Leo, the armadillo is actually the most accurate way of determining axis tilt, more accurate than the transparent overlay method I show in that video. I always do both, measure with the armadillo on the lanes, then use the video and overlay to confirm it, since I use the overlay for finding axis rotation anyway.
While it's easy to figure out and not a bad idea to at least know your whole lane ball speed, it also isn't going to give you the most accurate specs. The problem with it is that finding your average ball speed is not the same as the ball speed used in the rev rate / ball speed chart, so you won't be able to accurately know if you are matched, speed dominant, or rev dominant (you can probably get an idea...but won't know for certain). This is compounded by the idea to use a plastic ball thrown perfectly straight, which will cause the speed to be higher than you would get with your normal reactive ball / hook release. It doesn't take much of a difference in ball speed to make a big difference in how your revs / ball speed match up. For every .5 mph of ball speed change, you will need to increase or decrease your rev rate by 50 revs to remain matched. Also note in centers with electronic scoring that the speed that the monitor shows is most often taken towards the end of the lane, so that also is not the most accurate speed to go by (usually 1mph - 2mph slower than off your hand speed, depending on lane conditions and how much you swing the ball). Taking the speed measurement in the first 15 feet of the lane takes all that out of the equation, which is why it is the preferred measurement.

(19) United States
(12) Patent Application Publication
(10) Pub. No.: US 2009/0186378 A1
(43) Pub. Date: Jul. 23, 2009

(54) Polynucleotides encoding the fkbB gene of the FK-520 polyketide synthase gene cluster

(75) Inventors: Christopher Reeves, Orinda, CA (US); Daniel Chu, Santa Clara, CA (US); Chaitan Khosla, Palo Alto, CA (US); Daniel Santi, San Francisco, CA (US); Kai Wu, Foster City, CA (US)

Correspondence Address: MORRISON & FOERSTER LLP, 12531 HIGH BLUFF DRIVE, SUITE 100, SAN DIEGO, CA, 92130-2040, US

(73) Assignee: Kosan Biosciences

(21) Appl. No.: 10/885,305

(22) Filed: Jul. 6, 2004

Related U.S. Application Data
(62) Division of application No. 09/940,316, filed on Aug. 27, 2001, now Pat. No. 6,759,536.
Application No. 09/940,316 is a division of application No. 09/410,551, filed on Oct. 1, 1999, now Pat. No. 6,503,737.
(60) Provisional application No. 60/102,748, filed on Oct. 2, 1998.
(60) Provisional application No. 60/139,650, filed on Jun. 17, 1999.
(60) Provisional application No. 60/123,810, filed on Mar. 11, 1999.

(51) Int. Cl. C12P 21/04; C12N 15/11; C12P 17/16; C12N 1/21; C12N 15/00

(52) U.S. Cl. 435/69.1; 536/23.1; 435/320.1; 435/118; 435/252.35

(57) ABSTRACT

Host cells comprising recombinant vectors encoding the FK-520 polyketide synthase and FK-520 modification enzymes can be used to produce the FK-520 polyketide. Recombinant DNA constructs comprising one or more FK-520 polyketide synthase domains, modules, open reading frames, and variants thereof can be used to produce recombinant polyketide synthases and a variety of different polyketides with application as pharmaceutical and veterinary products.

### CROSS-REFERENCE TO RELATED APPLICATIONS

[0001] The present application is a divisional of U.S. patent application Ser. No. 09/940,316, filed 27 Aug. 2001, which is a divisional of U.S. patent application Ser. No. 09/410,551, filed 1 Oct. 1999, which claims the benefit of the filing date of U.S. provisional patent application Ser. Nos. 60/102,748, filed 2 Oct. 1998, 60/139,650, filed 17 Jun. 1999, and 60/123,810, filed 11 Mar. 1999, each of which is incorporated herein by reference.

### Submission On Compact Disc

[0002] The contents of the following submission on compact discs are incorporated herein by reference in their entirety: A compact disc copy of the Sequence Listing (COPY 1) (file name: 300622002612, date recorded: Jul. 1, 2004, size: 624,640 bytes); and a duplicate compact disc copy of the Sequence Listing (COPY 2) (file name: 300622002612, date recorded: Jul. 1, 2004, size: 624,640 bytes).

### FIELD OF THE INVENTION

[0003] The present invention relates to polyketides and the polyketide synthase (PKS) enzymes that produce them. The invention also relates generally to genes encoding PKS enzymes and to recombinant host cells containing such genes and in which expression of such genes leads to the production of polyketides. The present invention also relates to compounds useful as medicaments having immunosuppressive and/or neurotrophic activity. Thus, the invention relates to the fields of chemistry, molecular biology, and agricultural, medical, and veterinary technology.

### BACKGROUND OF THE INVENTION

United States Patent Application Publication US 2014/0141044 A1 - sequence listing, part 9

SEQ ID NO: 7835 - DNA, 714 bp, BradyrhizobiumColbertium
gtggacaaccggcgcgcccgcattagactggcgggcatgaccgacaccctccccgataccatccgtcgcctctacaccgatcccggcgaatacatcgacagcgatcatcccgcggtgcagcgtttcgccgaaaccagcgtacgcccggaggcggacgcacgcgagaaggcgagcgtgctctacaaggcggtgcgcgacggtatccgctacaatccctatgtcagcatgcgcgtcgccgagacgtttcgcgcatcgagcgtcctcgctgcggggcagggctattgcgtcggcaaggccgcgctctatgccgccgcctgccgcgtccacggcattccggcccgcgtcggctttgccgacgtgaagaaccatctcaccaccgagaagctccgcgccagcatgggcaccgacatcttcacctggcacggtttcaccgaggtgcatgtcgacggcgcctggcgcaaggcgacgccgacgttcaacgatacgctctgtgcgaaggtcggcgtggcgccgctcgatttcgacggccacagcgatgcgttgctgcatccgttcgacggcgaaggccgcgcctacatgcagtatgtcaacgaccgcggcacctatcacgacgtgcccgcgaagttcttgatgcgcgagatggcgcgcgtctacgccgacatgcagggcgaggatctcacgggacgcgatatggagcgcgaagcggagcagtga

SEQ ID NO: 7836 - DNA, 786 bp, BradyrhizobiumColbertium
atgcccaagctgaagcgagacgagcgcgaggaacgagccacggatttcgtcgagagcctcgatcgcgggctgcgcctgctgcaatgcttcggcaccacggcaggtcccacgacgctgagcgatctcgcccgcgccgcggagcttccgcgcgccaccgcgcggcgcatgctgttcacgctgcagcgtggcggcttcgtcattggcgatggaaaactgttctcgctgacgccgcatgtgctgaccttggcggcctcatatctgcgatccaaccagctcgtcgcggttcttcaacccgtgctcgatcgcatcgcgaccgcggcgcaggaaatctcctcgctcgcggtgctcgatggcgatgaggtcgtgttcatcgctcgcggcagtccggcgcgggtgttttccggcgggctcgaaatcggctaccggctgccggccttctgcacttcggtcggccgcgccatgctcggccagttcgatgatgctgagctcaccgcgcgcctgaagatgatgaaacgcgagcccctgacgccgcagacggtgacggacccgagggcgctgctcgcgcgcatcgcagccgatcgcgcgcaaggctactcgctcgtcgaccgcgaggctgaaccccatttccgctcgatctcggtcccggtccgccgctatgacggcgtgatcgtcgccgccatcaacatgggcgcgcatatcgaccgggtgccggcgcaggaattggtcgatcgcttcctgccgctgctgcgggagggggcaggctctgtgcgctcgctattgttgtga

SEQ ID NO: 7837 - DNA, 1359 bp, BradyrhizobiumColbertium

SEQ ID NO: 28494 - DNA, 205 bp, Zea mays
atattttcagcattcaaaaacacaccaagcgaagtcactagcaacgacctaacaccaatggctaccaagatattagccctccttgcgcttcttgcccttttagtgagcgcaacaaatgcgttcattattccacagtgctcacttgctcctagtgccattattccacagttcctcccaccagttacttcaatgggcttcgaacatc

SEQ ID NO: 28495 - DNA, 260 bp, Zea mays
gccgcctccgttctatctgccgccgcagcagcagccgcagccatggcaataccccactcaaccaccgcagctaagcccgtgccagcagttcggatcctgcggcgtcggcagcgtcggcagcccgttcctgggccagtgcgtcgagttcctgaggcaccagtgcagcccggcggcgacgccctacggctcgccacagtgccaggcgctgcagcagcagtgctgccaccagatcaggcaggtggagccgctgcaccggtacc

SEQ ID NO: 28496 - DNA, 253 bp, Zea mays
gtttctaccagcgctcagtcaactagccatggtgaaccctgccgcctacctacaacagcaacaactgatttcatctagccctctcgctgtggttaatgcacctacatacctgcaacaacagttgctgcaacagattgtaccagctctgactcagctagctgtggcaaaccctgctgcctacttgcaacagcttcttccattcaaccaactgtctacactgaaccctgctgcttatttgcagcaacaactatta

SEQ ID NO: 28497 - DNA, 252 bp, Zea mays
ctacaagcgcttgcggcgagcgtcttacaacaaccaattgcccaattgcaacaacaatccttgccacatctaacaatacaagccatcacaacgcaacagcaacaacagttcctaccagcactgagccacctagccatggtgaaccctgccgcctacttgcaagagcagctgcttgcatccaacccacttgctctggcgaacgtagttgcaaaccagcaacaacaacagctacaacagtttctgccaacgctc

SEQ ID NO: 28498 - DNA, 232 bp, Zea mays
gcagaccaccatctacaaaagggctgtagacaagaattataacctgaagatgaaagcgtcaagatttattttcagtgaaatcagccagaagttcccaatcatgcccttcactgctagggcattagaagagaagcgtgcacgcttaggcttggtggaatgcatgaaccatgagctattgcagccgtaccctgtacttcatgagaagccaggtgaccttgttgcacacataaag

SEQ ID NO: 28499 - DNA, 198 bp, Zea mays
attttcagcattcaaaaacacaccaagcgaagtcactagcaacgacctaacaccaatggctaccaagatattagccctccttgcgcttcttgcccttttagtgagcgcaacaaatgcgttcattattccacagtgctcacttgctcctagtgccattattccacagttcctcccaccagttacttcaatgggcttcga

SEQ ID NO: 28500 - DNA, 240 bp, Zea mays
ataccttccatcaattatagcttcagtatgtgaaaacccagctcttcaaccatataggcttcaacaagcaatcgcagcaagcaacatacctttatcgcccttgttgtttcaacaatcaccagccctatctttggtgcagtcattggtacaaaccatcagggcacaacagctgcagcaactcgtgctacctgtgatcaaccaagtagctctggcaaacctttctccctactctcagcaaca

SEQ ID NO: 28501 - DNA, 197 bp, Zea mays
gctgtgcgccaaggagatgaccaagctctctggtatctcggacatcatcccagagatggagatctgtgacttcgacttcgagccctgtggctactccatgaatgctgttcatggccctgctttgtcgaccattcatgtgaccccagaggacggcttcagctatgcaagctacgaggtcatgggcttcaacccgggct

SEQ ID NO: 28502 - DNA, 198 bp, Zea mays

In order to accurately apply Mo's system you need to know whether your speed and revs match up, or if you are speed dominant or rev dominant and the best ball speed to use for this is your off your hand speed. I realize getting a hold of a video camera
and going through all those steps in the video may be a bit of a hassle, but the end results will be well worth it.